Fundraisers and gift exchanges. Girl Scout cookies. Secret Santa. The office potluck. Sometimes being a good co-worker/team player means financially supporting extracurricular office activities. If you work in a small office, then an occasional order of Thin Mints won't put a huge dent in your wallet. Large workplaces might mean regular baby showers, gift exchanges, and bake-offs.
Where to splurge: "Remember that these types of expenses are voluntary," says Weston. "But if you yourself have kids, then you might want to support a co-worker's cause sometimes. They'll remember it when you're selling wrapping paper for your kid's school fundraiser."
Where to save: Office parties and gift exchanges boost employee morale, but they don't necessarily call for overspending on gifts. "I know one person who said they were expected to spend $100 on a co-worker for a Secret Santa exchange," Weston says. "If it's crimping your budget, then talk to your boss or HR department."
Sometimes we lose out on saving indirectly. Check out these five additional circumstances where you might not be making the most of your paycheck:
1. Flex spending accounts. Allotting part of pre-tax pay into a flexible spending account could save you substantially in the long run, Weston says. Such accounts can reduce what you pay out-of-pocket on prescriptions and even childcare.
2. Retirement plans. If your employer provides the opportunity to start a 401(k), 403(b), or 457(b) retirement plan, then consider the option, Weston says. "People aren't saving enough for their retirement. People in their twenties particularly aren't," she says. "It gets harder to start contributing the older you get, not easier. You'll get a tax break, and the majority of work programs offer some sort of company [contribution] match."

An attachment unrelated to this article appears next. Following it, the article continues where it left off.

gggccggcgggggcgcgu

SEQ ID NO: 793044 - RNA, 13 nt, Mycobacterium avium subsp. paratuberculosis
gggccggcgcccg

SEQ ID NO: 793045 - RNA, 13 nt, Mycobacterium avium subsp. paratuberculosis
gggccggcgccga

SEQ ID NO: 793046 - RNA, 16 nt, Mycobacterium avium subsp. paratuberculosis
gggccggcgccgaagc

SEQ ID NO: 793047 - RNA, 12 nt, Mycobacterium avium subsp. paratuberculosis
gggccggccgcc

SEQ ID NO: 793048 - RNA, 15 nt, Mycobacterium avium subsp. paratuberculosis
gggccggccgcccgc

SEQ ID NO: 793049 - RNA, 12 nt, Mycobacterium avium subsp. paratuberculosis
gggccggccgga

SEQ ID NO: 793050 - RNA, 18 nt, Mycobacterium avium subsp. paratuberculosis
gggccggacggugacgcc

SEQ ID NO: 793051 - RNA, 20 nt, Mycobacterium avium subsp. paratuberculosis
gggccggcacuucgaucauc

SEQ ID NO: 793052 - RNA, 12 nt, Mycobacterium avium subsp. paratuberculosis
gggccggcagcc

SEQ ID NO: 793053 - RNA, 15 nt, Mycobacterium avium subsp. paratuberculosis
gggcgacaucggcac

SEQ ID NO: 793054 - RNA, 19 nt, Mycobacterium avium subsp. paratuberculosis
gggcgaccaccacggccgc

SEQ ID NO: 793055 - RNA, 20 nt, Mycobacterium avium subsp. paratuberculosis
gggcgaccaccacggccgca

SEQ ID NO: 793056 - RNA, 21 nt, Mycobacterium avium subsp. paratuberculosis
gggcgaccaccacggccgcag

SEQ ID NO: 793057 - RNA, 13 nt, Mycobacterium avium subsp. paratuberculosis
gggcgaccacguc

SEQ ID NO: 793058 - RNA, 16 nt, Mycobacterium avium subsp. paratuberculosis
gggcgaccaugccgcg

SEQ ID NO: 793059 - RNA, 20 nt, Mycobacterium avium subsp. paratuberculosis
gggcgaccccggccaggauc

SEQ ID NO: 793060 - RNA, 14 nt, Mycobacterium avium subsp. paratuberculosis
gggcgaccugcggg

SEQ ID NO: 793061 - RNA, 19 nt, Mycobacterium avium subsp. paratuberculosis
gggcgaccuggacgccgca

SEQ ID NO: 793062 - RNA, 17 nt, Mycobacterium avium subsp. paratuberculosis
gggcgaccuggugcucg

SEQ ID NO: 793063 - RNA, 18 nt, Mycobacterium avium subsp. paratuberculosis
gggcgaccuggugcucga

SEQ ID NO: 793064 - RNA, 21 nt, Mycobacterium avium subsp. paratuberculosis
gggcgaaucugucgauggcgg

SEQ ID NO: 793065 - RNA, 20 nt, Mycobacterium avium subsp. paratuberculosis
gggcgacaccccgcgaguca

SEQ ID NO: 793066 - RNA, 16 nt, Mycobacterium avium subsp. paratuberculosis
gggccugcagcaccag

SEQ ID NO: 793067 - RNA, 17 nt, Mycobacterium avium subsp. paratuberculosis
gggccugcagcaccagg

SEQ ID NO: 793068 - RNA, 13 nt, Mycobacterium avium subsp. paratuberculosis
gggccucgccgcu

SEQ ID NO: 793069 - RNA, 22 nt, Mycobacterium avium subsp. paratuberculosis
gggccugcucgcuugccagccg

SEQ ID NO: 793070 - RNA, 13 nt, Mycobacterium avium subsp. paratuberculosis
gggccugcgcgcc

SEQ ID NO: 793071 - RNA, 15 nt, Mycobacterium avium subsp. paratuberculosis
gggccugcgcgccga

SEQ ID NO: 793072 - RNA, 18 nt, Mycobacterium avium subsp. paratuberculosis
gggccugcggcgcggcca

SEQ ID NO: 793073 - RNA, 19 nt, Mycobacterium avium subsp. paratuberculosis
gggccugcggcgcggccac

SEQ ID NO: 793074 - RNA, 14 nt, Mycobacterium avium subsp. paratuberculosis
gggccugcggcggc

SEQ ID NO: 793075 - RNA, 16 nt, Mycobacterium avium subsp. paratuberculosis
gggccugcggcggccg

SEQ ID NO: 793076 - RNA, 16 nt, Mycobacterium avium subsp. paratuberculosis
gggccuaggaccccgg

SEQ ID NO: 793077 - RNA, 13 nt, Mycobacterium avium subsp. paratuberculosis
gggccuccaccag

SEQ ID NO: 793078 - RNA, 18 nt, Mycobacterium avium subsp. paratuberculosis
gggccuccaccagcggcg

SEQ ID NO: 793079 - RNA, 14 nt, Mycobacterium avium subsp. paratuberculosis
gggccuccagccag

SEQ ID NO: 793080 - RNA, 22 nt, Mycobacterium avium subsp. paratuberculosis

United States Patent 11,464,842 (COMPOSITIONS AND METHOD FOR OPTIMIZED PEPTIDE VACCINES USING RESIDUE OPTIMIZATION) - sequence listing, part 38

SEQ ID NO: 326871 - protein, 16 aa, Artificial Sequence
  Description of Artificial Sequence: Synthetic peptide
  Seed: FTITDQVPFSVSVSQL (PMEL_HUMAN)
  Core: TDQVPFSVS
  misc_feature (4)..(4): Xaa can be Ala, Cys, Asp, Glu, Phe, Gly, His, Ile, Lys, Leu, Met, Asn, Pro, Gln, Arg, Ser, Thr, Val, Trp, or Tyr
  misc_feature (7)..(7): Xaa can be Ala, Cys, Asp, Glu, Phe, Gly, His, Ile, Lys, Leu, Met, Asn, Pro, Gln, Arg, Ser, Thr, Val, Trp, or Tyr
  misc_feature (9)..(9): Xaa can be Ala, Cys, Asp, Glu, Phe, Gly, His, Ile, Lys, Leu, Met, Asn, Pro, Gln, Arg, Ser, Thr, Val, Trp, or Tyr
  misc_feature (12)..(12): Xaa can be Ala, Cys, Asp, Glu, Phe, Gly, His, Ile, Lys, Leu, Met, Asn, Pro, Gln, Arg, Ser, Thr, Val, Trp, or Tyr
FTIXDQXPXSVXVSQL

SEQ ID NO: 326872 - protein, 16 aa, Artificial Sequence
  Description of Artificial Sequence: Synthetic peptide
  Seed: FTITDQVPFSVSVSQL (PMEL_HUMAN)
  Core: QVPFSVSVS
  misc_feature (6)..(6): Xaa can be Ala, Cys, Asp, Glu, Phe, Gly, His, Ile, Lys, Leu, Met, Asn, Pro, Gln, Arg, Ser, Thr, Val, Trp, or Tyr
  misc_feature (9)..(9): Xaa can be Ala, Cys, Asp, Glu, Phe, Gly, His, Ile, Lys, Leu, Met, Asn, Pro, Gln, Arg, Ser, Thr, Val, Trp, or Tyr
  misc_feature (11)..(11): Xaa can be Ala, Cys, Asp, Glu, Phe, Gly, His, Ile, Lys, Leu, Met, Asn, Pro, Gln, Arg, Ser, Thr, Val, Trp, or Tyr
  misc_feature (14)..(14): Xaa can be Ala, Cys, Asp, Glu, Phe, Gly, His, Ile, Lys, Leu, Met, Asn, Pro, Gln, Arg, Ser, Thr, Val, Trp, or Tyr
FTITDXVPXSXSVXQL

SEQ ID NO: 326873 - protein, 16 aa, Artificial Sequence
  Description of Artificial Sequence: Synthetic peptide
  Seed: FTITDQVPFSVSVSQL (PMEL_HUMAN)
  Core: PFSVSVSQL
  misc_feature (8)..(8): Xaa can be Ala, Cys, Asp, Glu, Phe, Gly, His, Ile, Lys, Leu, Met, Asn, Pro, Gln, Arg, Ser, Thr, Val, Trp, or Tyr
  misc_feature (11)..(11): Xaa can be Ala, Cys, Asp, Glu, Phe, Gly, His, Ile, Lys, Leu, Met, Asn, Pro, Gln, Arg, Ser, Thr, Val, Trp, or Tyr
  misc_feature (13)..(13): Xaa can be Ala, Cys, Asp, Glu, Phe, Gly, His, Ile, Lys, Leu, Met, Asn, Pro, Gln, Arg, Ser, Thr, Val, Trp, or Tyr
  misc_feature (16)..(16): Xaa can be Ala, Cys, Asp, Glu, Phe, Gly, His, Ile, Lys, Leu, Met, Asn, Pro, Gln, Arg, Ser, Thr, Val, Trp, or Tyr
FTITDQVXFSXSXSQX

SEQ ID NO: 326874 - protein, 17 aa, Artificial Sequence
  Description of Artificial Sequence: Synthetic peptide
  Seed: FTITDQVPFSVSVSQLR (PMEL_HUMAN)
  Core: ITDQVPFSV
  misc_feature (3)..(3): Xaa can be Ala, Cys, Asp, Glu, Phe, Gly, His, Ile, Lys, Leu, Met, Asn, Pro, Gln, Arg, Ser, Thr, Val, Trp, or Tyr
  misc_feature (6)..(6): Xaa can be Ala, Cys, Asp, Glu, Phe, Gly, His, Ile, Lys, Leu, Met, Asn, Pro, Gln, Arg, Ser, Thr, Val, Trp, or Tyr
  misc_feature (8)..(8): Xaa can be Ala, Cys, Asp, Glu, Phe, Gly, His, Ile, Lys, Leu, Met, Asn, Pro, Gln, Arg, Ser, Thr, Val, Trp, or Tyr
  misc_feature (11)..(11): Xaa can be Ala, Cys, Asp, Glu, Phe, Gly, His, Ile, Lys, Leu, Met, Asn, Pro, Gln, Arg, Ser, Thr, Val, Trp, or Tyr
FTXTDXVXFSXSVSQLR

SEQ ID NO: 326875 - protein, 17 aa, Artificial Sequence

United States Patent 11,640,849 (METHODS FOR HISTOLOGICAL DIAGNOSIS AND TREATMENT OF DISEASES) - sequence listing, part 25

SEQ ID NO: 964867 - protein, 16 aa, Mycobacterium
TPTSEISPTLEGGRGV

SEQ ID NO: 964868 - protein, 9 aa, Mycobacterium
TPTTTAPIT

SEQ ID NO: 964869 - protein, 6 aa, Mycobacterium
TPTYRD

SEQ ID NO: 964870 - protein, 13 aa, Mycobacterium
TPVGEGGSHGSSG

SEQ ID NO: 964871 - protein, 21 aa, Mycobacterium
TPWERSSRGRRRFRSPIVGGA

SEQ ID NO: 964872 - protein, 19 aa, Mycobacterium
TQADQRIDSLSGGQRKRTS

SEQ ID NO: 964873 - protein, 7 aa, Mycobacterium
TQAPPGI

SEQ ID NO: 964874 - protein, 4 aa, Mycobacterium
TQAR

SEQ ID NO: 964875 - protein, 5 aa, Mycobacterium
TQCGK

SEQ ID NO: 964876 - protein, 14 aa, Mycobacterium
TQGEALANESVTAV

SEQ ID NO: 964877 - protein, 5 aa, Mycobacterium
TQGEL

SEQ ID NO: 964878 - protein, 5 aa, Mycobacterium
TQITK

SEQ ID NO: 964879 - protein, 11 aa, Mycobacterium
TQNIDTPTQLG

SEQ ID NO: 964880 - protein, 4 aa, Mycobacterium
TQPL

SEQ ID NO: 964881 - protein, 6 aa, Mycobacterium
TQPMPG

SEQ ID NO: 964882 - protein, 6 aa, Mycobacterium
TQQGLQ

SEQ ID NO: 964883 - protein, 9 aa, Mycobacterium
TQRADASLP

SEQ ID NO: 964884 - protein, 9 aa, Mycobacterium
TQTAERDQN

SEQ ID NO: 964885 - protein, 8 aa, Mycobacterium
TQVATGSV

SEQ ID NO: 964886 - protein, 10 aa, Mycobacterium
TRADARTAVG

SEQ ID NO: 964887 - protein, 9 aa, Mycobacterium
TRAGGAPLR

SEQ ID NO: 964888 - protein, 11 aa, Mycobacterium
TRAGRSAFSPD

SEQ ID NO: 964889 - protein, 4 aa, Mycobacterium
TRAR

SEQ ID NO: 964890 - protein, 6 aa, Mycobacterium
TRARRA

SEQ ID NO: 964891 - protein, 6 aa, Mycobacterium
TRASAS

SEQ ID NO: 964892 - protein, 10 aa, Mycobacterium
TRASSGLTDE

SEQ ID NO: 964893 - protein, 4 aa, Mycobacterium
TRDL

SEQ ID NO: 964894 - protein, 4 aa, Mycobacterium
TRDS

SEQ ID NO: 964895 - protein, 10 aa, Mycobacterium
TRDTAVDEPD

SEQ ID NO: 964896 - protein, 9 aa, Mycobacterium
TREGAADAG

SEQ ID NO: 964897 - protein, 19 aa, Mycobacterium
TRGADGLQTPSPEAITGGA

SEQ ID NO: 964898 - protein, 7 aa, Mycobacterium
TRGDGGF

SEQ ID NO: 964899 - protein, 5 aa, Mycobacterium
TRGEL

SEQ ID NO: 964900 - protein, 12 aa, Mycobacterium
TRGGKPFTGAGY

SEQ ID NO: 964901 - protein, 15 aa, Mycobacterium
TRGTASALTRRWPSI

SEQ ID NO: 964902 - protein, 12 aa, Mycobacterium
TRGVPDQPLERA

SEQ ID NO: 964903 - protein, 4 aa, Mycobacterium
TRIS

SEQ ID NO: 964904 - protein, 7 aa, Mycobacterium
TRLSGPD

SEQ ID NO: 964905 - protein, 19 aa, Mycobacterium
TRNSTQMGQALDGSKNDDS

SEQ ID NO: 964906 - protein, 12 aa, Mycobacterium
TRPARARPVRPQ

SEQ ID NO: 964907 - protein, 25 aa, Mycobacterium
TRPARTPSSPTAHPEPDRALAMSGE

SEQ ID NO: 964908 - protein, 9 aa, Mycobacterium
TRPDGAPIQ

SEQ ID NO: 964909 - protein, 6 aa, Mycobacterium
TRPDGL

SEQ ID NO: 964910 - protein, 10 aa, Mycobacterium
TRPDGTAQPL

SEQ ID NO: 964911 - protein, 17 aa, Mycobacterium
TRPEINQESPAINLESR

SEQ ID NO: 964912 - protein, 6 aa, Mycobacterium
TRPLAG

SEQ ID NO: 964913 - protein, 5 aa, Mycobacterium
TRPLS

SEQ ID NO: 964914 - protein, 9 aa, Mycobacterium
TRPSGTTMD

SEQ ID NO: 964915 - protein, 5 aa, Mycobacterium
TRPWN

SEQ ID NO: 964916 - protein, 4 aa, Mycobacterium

3. Tuition reimbursements. Talk with your supervisor and human resources department about your options for continued education. You could receive partial and sometimes full reimbursement if you're taking courses related to your job's responsibilities.
4. Expense reports. Keep work receipts in order, and file expense reports as quickly as possible. "Don't ever carry debt on a credit card for your company's benefit," Weston says.
5. Taxable deductions. Whether you're unemployed and job-searching or gainfully employed and working, it's important to stay tapped into the professional expenses you can deduct. Mark Luscombe is a principal analyst for CCH, a Wolsters Kluwer business, which is a provider of customer-focused tax, accounting, and auditing information. According to him, working taxpayers may be able to claim what's called un-reimbursed employee expenses. They could include travel expenses for work, or even home office expenses in some cases. Job seekers may write off "a range of things, from the expense to print and mail resumes, to the need to travel for interviews, or to use a professional employment service," he says. Just keep in mind that these would be itemized deductions listed on a 1040 Schedule A form, and they cannot not exceed 2 percent of your adjusted gross income.